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Understanding the value of dietary indices prior to research application

The Original Article was published on 22 February 2021


Diets are complex to examine as they are multi-dimensional and often accompanied by internal correlations. The use of dietary indices to quantify dietary quality and/or variance via a single, simplified measure has gained traction in the last two decades. Several diet indices have been developed to evaluate the role of diet in relation to chronic disease mortality, with most originally based on data from US and Europe populations. Following which, a number of studies have emerged to investigate the compatibility and applicability of various indices for different health outcomes and for different population groups. Current evidence suggests that certain indices maybe more suitable for examining certain health outcomes or populations, as different indices explain different variance in food intakes and/or that certain dietary components captured may not be as relevant to the investigated health outcomes or cultural context [1, 2].

Assessing maternal diet quality and its impact on child obesity

The study by Chen L-W et al. brings to mind this pertinent point, but also brings to the table a refreshing perspective of the value of using different dietary indices to understand the various mechanisms diets may act through, in relation to health [3]. By assessing maternal diets using a diet quality index (the DASH score) and the Diet Inflammatory Index (DII) in relation to child adiposity, Chen L-W et al. elegantly demonstrated that maternal diet quality was more strongly related to the global measure of adiposity (BMI cutoffs) when compared to the diet inflammation score, whereas the latter was more closely associated with child’s body composition (fat-free mass and fat mass) [3]. Through additional mutual adjustment and mediation analyses, they were able to conclude that while the inflammatory components of diet may in part explain the relationship between diet and childhood adiposity, overall diet quality and/or other components of diet also have their roles in influencing childhood adiposity, but likely through other mechanisms (e.g., diet-induced modifications of epigenes). Indeed, this study provides an important reminder to understand the value and predictive ability of dietary indices prior to selecting one for investigating diet in relation to specific health outcomes of interest [3]. The value of a dietary index is only as good as its components and the contribution of the components to the calculation of the total score. Dietary indices can serve different purposes; thus, selecting an appropriate index that is meaningful to answer one’s scientific hypothesis is critical.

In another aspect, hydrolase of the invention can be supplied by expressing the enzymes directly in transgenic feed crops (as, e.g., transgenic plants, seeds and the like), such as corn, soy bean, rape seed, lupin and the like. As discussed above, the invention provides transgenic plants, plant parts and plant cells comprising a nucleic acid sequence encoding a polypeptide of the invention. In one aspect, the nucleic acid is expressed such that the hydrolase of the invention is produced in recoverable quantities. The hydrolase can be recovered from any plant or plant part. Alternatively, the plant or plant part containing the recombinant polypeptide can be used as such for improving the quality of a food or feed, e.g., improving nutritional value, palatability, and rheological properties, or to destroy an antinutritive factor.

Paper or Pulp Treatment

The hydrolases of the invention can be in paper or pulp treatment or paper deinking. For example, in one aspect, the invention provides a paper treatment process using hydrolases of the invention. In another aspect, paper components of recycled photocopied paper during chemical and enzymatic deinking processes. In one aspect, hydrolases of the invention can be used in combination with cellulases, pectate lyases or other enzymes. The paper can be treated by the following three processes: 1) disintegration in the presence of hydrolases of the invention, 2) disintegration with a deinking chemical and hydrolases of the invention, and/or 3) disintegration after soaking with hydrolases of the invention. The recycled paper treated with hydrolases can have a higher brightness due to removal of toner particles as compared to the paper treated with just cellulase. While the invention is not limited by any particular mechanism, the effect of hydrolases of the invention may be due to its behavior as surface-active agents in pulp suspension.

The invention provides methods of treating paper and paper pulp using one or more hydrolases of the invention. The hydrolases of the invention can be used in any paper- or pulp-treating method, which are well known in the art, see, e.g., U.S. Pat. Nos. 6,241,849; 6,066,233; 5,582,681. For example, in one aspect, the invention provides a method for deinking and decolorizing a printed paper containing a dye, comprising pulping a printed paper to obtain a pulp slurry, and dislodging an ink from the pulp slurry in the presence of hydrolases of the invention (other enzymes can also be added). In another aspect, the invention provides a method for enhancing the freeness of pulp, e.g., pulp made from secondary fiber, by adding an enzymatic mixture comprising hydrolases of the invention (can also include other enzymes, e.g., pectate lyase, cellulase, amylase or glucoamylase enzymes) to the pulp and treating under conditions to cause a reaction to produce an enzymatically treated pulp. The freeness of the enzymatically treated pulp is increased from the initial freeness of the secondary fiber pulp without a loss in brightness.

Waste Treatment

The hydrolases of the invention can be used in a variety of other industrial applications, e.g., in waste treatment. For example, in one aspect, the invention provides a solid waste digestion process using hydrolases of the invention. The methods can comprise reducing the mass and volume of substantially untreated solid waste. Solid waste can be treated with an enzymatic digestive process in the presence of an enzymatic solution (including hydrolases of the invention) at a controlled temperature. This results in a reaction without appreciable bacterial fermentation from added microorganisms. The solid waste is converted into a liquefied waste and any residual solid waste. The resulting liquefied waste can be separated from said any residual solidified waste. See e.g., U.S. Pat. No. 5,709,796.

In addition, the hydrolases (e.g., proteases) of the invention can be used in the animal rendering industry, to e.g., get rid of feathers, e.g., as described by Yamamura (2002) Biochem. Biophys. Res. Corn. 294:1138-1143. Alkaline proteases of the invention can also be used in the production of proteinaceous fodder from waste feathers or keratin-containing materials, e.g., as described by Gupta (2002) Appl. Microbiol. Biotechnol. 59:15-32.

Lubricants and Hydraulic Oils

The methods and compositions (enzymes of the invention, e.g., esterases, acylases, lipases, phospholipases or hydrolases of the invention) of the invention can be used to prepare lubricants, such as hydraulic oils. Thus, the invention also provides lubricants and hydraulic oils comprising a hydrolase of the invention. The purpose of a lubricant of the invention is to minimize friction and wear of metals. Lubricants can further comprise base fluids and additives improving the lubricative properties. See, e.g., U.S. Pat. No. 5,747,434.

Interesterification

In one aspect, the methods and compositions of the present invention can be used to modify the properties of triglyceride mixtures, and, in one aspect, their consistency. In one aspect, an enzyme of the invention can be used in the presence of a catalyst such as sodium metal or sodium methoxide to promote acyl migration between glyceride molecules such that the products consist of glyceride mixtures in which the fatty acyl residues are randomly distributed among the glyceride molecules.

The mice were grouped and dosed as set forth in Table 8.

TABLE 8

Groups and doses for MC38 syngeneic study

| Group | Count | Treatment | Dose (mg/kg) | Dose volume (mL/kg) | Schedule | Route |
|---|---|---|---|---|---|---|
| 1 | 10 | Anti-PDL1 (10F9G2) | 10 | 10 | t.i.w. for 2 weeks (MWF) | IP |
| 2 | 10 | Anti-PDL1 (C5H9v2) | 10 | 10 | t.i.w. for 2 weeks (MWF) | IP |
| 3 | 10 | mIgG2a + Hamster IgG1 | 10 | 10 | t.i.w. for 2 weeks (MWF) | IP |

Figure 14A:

The dietary index of particular interest here is the DII, which has been applied to various clinical conditions, but only more recently been extended to the area of maternal and child health. The DII was developed and validated to characterize and quantify the cumulative inflammatory potential of individual diet. One of its key advantages is that it measures the standardized contribution of a wide variety of foods and nutrients based on inflammatory biomarkers objectively measured in cell, animal, or human studies. This allows it to be universally applied across many cultural contexts and derived from different dietary assessment tools, thus allowing comparison of studies globally [4].

While the relationship of maternal or early life pro-inflammatory diets (measured using the DII) and child adiposity has previously been examined in two other cohort studies with approximately 1000 mother-child pairs each [5, 6], a real strength of the current study is its significantly large sample size of n = 16,295 mother-child pairs—derived from using individual participant data pooled from seven European cohorts in the ALPHABET consortium. As opposed to traditional meta-analysis, the commendable effort in harmonizing data across multiple studies would have reduced substantial heterogeneity across studies due to incomplete or selective reporting and consequently facilitated more accurate interpretation of results. Adequately powered sensitivity analyses were also conducted, thus increasing the robustness of the findings.


Meta-analyses are an integral part of evidence-based health research and whilst it is recognized that individual participant data meta-analysis offers numerous clinical and statistical advantages, one should be cognizant of its multiple challenges of being resource-intensive, the need for advanced statistical expertise and intensive co-ordination across groups/studies, amongst other challenges, before embarking on one [7]. Replication and comparative studies across cohorts may be a good compromise, as comparing cohorts from different ethnicities, physical environment, and social and cultural settings invariably provide valuable insights. Future research studies should consider the use of more than one dietary index for different purposes, so that together they add different dimensions to answering the scientific question.

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M F-F Chong wrote the commentary and read and approved the final manuscript.

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Correspondence to Mary Foong-Fong Chong.

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The author was a PhD co-supervisor to Chen L-W from 2010 to 2014.

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Chong, M.FF. Understanding the value of dietary indices prior to research application. BMC Med 19, 68 (2021).

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